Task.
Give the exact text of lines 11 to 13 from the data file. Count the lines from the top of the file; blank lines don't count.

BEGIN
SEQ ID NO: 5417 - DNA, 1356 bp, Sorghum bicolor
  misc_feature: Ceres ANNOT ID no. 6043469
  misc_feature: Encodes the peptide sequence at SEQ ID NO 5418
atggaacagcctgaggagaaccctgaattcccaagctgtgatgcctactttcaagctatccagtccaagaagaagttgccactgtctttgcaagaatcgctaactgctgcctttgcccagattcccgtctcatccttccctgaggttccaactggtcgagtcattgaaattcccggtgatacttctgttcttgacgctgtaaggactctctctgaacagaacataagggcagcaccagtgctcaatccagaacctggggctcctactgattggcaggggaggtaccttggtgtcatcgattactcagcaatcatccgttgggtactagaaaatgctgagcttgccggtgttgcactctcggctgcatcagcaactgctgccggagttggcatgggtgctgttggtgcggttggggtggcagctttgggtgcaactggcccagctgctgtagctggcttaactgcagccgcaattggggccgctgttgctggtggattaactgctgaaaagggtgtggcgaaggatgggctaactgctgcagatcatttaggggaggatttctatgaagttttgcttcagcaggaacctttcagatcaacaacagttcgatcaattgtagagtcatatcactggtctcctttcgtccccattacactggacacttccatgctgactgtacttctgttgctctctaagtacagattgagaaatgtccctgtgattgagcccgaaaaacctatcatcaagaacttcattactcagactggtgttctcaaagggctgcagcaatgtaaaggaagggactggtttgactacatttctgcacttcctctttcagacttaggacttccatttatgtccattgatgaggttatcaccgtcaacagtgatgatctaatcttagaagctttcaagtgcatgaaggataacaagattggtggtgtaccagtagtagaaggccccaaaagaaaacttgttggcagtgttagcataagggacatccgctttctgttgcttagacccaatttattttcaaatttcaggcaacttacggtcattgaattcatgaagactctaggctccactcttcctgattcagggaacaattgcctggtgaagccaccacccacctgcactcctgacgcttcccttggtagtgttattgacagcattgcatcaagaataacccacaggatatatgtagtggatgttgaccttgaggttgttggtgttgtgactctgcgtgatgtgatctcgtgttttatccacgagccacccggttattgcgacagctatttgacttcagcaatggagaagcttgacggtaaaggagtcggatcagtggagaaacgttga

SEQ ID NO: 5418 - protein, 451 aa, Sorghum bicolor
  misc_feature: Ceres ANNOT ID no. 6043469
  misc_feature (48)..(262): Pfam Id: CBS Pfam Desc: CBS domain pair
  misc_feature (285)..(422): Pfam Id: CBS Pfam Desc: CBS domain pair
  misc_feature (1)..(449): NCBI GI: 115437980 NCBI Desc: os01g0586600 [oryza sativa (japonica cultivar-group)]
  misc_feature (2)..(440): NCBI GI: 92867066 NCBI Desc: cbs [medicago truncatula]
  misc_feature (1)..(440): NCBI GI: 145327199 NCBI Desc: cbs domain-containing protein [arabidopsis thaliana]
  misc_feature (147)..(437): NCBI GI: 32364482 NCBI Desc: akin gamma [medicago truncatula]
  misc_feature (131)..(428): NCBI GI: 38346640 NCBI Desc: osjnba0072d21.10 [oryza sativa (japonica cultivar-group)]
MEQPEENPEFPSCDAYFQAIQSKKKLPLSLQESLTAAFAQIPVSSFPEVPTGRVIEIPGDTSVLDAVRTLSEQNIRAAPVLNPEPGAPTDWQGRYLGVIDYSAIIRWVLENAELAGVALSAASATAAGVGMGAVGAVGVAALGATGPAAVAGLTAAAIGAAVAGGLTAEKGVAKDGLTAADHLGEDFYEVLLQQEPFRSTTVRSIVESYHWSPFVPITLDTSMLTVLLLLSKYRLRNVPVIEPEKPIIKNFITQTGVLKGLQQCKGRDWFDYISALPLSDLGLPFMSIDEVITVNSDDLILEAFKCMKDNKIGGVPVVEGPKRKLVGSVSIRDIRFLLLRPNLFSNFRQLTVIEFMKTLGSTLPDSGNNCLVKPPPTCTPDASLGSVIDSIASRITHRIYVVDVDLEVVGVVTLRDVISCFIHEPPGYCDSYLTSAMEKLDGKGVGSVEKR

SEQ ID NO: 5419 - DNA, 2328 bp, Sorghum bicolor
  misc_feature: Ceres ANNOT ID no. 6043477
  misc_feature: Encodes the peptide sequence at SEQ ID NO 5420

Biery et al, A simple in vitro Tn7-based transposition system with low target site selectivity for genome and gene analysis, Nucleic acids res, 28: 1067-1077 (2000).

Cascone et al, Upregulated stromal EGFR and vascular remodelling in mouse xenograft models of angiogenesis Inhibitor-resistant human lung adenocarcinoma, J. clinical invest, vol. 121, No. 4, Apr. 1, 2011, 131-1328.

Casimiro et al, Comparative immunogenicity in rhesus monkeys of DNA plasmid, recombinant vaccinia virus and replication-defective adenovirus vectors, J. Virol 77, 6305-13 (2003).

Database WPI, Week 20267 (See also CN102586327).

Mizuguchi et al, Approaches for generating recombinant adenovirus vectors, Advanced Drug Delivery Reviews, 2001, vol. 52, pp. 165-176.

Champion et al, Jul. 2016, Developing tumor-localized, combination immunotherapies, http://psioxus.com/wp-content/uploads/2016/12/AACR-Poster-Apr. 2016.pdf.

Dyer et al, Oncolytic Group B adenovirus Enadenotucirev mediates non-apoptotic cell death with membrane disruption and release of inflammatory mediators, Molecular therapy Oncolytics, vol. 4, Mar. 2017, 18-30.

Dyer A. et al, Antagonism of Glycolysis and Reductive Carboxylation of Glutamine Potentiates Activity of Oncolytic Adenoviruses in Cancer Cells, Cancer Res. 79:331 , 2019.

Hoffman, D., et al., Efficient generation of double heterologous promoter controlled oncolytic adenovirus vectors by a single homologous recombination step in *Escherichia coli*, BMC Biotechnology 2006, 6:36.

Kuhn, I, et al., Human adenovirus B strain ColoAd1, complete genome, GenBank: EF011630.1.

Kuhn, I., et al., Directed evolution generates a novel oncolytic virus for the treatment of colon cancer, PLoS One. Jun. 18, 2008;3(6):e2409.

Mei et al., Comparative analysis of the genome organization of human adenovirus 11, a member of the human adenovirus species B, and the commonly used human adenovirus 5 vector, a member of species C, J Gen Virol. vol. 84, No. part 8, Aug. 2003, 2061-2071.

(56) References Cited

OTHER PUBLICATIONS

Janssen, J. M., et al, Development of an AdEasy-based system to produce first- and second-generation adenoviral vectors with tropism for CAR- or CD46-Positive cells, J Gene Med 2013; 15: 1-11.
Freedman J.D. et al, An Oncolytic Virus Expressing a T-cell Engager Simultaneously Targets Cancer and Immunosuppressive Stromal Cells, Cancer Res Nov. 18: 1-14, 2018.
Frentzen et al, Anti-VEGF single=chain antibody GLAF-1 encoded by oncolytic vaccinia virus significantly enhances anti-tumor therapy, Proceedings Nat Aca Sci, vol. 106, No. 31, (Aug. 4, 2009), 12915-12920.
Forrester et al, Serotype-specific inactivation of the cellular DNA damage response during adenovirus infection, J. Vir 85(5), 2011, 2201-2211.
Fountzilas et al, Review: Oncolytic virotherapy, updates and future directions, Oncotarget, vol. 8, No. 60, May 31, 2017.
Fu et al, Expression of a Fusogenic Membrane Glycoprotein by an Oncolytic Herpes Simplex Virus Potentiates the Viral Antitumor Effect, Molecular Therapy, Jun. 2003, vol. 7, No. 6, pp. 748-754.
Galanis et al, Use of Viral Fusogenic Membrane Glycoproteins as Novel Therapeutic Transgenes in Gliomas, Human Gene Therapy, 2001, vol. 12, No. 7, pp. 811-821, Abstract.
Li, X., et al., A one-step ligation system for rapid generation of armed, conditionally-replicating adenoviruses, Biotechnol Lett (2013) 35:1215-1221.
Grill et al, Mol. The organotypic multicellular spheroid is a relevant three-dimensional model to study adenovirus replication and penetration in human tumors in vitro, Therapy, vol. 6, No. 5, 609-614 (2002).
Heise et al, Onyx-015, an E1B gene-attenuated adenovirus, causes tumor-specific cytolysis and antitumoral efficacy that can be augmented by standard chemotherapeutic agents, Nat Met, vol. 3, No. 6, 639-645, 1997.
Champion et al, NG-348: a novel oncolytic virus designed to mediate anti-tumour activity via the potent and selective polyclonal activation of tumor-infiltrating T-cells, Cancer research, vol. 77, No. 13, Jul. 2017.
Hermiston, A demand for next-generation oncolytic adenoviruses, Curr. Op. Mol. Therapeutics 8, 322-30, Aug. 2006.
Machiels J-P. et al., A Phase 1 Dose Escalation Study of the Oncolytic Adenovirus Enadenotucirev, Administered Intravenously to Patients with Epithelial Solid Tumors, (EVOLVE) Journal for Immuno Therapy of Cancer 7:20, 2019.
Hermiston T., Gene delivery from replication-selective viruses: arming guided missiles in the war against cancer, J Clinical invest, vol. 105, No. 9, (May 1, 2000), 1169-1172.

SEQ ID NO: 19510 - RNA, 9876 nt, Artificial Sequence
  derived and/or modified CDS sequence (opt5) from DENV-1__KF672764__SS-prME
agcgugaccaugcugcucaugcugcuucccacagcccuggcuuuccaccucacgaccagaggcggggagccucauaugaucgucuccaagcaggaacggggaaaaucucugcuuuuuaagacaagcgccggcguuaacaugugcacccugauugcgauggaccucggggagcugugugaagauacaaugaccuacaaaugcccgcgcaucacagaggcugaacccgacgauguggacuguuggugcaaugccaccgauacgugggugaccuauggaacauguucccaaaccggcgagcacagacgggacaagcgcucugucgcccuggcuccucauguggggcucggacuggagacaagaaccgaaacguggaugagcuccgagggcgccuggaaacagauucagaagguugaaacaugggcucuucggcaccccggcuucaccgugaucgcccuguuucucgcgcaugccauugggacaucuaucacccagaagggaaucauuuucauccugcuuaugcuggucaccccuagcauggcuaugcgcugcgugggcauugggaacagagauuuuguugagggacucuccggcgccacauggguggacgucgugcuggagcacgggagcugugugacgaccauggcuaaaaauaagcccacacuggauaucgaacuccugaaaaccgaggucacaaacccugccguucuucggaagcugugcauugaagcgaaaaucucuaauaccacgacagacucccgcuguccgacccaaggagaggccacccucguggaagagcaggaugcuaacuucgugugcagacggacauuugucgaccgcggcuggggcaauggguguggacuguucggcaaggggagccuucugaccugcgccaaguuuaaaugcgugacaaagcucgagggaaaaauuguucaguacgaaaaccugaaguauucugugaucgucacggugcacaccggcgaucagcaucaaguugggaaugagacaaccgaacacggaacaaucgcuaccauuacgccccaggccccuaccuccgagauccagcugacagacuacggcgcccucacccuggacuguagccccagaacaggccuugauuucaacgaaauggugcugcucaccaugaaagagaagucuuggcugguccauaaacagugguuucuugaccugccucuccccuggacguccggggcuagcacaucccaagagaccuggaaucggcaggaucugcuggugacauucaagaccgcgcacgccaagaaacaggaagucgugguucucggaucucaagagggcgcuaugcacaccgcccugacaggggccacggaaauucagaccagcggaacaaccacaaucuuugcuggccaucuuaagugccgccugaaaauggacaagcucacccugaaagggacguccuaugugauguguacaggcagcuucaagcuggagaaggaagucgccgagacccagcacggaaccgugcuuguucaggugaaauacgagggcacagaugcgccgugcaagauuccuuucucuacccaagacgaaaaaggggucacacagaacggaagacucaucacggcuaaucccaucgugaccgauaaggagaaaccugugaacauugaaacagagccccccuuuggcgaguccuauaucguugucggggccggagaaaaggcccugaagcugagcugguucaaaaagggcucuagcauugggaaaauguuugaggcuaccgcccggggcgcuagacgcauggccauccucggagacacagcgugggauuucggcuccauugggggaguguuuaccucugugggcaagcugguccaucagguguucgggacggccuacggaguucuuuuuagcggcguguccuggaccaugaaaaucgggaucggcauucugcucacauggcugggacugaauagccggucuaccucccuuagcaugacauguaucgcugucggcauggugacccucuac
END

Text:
  misc_feature (1)..(440): NCBI GI: 145327199 NCBI Desc: cbs domain-containing protein [arabidopsis thaliana]
  misc_feature (147)..(437): NCBI GI: 32364482 NCBI Desc: akin gamma [medicago truncatula]
  misc_feature (131)..(428): NCBI GI: 38346640 NCBI Desc: osjnba0072d21.10 [oryza sativa (japonica cultivar-group)]